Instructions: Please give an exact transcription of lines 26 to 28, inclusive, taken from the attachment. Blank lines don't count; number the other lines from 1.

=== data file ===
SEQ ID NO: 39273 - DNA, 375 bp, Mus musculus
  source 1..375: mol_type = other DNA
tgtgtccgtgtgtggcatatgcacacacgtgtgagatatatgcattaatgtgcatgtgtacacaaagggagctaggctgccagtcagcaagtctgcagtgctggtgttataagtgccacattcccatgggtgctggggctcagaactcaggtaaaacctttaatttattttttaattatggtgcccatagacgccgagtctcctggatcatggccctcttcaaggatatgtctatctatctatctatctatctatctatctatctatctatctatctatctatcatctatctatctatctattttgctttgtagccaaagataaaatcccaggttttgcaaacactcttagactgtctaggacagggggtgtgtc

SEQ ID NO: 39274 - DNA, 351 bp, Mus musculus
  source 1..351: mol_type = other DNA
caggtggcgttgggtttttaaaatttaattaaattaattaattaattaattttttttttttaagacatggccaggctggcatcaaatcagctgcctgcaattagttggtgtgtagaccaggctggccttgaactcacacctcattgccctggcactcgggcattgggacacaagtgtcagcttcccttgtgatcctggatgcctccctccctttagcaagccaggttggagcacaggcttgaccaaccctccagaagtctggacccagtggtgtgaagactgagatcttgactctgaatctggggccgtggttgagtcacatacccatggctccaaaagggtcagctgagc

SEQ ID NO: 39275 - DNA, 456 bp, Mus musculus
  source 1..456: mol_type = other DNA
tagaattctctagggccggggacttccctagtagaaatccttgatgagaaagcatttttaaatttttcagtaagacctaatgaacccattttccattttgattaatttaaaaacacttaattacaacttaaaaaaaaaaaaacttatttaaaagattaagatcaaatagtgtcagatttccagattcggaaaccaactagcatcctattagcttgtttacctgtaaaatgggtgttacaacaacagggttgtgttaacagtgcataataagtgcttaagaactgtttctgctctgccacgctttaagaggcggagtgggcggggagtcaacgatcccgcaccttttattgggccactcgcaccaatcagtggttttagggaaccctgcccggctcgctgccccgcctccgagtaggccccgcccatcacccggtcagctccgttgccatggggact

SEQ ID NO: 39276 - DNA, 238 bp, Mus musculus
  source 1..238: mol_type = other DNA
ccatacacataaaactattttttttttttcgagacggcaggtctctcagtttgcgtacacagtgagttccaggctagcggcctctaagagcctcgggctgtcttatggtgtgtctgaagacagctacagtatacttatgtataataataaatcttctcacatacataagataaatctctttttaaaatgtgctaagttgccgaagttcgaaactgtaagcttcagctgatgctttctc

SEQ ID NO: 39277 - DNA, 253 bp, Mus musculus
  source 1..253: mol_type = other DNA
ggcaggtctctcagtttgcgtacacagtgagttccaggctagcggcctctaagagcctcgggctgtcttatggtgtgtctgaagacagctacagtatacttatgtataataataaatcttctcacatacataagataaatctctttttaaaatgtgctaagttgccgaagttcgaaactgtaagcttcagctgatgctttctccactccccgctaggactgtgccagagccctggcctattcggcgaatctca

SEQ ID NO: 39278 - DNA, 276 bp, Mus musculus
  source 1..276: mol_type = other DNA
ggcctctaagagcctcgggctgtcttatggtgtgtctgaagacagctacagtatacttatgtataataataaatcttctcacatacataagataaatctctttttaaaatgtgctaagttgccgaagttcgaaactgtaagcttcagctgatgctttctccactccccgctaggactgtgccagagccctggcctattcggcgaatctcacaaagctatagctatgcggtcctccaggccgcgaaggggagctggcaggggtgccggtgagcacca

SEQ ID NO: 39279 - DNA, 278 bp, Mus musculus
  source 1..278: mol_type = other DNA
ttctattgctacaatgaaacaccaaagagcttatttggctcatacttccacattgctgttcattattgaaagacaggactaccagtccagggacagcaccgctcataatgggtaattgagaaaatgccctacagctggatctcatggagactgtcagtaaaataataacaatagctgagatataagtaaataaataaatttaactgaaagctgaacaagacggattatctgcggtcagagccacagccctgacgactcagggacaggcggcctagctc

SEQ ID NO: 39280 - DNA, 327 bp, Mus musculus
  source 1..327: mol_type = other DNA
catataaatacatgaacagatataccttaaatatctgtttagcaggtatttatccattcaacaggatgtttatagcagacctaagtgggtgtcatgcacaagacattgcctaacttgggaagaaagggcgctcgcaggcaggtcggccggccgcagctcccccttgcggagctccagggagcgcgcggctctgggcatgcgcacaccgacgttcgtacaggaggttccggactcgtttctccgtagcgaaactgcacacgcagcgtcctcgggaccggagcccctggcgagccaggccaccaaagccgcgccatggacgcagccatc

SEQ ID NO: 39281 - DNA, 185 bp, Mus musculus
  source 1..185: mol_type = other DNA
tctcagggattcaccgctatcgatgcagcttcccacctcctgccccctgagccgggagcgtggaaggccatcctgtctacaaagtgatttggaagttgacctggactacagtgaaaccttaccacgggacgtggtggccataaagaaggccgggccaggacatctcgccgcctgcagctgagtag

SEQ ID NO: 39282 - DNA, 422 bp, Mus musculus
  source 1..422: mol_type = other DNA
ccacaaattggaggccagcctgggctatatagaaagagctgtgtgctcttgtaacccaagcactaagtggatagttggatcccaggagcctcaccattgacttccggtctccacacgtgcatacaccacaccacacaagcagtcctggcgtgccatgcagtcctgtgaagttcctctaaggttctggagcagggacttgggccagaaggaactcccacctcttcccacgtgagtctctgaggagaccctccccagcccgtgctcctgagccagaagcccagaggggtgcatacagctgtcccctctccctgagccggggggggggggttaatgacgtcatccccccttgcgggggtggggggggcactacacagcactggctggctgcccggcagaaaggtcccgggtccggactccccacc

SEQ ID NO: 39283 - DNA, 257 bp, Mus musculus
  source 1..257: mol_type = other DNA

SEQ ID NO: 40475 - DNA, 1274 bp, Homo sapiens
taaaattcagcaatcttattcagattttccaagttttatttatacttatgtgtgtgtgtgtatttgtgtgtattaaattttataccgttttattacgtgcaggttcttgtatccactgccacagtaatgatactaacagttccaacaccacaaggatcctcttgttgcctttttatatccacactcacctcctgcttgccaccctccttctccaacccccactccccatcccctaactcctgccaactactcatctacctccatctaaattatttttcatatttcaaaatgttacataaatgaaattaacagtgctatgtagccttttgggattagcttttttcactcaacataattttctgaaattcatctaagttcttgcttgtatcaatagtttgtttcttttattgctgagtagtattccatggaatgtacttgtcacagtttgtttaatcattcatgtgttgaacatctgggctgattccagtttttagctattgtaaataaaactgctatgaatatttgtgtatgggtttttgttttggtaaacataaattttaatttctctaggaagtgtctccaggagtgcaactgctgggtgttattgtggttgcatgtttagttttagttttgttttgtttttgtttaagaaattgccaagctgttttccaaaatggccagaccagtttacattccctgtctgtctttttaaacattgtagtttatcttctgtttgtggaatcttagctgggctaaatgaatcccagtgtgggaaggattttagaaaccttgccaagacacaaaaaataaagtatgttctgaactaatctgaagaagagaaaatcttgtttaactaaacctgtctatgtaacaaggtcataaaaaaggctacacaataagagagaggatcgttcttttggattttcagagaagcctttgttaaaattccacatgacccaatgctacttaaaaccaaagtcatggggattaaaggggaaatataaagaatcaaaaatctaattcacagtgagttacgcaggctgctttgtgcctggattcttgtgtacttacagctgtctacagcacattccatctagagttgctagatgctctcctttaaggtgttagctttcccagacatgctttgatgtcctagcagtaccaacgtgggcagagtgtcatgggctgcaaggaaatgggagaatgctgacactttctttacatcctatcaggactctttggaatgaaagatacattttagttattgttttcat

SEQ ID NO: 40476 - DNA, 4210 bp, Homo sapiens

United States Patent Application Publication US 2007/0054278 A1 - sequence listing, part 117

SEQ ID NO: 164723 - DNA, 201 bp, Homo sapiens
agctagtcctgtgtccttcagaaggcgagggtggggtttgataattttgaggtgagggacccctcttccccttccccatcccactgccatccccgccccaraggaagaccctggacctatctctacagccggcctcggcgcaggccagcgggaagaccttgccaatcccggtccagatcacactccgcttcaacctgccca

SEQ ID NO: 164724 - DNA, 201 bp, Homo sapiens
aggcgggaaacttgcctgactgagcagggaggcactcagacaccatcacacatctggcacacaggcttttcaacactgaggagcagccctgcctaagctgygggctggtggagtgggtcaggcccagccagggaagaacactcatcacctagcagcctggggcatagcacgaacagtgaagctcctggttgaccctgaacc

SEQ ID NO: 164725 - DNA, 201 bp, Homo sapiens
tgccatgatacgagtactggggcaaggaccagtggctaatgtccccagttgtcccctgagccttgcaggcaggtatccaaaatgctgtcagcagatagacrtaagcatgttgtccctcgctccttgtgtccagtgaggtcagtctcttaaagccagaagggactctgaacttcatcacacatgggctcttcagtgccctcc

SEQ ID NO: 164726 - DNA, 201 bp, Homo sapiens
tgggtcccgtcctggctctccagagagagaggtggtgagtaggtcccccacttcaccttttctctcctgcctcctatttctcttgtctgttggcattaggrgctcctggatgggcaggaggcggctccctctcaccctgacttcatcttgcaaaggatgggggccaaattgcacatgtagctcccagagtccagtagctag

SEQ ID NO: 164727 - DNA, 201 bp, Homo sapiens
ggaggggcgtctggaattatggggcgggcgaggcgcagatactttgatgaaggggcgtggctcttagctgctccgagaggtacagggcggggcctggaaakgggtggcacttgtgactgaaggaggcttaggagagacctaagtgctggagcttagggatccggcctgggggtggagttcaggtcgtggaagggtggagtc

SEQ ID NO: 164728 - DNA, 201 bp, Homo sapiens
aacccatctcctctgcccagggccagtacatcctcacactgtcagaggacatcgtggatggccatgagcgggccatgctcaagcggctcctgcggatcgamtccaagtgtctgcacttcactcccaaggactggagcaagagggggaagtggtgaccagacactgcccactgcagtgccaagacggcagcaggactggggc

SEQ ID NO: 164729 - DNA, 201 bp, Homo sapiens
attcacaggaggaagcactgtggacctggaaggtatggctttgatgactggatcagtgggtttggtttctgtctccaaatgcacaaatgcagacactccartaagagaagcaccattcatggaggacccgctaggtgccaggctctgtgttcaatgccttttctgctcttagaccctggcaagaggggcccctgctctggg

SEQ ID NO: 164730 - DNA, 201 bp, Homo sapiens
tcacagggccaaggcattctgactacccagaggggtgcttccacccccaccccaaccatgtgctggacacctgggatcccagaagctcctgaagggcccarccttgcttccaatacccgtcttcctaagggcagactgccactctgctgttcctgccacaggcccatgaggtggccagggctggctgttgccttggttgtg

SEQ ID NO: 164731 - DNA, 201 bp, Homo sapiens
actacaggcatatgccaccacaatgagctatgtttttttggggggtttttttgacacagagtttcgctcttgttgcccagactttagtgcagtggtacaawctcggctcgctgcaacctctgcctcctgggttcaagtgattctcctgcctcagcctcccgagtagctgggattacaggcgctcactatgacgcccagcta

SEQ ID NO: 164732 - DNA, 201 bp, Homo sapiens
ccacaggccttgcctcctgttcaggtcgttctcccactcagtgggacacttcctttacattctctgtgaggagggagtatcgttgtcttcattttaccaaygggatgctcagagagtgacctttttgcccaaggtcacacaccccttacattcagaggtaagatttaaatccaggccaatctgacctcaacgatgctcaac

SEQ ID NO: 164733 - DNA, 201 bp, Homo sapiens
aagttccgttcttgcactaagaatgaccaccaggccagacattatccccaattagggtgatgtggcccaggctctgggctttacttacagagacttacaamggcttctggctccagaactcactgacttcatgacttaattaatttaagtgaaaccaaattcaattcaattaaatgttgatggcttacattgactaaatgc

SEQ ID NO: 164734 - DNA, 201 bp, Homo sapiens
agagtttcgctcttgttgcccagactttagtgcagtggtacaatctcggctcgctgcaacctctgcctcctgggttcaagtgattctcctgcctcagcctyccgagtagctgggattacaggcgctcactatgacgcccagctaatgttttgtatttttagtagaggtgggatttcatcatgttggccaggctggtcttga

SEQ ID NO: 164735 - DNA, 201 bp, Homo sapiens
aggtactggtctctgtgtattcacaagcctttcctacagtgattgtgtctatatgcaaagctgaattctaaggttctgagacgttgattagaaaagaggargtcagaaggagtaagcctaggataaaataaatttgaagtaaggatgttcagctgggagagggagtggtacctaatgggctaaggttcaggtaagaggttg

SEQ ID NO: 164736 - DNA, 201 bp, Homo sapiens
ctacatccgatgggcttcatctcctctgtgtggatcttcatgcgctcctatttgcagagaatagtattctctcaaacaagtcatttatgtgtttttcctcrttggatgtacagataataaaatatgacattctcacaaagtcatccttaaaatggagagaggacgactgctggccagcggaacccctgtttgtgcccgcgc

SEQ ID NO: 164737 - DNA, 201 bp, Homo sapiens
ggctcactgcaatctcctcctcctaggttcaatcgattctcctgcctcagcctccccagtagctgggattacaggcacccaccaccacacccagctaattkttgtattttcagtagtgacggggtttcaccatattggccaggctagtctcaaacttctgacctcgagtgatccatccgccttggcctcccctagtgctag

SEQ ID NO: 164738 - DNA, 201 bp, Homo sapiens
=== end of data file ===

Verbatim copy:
  source 1..185: mol_type = other DNA
tctcagggattcaccgctatcgatgcagcttcccacctcctgccccctgagccgggagcgtggaaggccatcctgtctacaaagtgatttggaagttgacctggactacagtgaaaccttaccacgggacgtggtggccataaagaaggccgggccaggacatctcgccgcctgcagctgagtag

SEQ ID NO: 39282 - DNA, 422 bp, Mus musculus